During the evening hours of June 15, the National Hurricane Center began monitoring a large area of disturbed weather in association with a tropical wave over the southwestern Caribbean Sea.[19] Drifting west-northwest, environmental conditions were expected to be favorable for organization, but the system's proximity to land would hinder significant intensification. The system was given a Medium chance of tropical cyclone formation within 48 hours early on June 17;[20] following data from the radar in Honduras and visible satellite animations, the disturbance was upgraded to Tropical Depression Two.[21] Situated 60 miles (95 km) east of Monkey River Town, no further development was anticipated. Late that evening, the system moved onshore, producing heavy rainfall and gusty winds. Despite a waning structure, the NHC noted that if the system emerged into the Bay of Campeche, re-development and intensification was plausible.[22] Midday on June 19, the storm was upgraded to a tropical storm and was named Barry, although only minimal intensification was likely due to the storm's proximity to land.[23] Between 1200 and 1300 UTC on June 20, Barry made landfall just north of Veracruz, Mexico with winds of 45 mph (75 km/h).[24]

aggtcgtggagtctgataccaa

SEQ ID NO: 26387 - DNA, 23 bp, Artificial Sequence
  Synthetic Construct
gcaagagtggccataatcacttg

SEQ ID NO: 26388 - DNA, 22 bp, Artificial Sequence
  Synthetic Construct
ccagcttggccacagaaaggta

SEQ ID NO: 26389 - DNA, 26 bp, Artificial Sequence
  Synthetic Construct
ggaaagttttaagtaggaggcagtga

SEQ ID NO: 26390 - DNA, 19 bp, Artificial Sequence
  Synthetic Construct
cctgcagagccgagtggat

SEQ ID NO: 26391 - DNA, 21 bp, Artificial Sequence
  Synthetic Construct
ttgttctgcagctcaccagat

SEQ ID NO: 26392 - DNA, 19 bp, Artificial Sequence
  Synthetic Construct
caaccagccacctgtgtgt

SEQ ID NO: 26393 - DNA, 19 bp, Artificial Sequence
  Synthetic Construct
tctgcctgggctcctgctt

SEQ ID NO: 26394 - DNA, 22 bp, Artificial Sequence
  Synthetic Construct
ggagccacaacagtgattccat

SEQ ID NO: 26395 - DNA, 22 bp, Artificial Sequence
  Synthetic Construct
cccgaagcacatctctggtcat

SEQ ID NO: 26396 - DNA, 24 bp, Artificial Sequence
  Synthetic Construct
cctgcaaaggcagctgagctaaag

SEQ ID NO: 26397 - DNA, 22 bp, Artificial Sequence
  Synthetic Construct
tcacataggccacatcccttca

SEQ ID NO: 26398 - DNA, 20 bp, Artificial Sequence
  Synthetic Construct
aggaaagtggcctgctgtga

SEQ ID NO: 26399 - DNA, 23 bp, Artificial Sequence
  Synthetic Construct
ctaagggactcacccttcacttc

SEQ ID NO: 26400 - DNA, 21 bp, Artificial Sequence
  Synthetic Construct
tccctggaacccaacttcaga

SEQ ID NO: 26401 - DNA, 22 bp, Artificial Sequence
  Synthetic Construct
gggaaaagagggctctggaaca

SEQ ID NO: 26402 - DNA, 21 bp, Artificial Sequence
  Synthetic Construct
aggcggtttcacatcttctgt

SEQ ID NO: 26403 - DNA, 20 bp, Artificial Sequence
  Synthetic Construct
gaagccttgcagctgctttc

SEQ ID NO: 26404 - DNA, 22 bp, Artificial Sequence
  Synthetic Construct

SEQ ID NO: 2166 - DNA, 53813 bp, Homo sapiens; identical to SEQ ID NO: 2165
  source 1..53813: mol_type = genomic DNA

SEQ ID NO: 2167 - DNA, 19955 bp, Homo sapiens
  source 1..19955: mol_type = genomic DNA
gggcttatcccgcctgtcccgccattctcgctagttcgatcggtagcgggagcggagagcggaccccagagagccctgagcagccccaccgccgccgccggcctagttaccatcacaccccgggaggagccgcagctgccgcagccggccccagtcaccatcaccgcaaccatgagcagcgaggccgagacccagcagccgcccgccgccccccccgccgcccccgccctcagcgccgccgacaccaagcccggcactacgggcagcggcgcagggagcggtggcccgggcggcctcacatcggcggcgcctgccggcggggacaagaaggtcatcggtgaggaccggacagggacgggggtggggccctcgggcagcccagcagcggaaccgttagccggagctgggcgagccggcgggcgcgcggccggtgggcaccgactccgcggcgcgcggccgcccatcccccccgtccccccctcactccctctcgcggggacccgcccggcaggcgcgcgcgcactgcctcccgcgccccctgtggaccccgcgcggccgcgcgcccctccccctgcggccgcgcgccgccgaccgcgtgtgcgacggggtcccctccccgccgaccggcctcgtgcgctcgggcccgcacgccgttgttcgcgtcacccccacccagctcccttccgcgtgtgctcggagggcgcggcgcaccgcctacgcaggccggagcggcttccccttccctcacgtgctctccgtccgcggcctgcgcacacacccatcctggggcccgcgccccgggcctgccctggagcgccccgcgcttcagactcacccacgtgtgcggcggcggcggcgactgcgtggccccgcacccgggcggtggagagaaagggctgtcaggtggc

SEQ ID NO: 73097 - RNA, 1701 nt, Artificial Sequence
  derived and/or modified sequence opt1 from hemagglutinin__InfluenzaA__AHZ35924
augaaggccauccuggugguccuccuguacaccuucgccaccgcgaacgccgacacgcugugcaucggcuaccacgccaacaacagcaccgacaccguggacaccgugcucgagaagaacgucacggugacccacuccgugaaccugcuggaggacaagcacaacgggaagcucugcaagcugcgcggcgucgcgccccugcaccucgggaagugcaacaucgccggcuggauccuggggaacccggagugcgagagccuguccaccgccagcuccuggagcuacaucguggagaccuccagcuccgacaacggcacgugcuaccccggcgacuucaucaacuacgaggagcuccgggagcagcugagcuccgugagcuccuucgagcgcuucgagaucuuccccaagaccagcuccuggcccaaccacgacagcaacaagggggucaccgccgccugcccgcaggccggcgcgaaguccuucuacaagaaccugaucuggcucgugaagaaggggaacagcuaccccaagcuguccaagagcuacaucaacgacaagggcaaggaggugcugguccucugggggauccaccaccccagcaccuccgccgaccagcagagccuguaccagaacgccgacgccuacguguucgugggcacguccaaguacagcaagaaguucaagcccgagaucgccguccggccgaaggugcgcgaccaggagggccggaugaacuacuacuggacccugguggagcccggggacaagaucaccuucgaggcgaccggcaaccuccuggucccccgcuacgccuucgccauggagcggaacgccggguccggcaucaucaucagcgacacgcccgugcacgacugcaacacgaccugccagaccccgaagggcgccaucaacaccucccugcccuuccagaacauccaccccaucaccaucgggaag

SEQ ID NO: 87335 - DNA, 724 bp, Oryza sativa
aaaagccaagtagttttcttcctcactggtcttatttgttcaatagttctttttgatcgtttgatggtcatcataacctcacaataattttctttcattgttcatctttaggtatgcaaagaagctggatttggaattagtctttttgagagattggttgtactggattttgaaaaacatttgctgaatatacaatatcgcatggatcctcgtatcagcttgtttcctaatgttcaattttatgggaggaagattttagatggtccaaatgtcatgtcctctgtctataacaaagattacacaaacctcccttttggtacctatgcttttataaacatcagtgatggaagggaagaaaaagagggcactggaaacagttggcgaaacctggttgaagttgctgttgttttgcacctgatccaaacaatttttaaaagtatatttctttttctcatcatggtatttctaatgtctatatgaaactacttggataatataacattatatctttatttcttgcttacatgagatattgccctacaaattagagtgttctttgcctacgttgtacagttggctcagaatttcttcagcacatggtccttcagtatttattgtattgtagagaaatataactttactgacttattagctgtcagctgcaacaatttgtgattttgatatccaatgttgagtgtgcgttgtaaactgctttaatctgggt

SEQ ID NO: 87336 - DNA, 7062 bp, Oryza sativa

Heavy rains in Honduras triggered flooding that damaged 60 homes and affected 300 people.[25] In southern Belize, an estimated 10 in (250 mm) of rain fell in 24 hours, causing several rivers to over-top their banks. In localized regions, culverts were washed away. At least 54 people living along Hope Creek were relocated to shelters.[26] In the Mexican state of Yucatán, wind gusts up to 48 mph (77 km/h) and heavy rains downed trees and power lines.[27] More than 26,000 residents temporarily lost power after lightning struck a nearby power station, leading to a fire.[28] In El Salvador, flooding left one person missing. Two people were also injured after being struck by lightning.[29]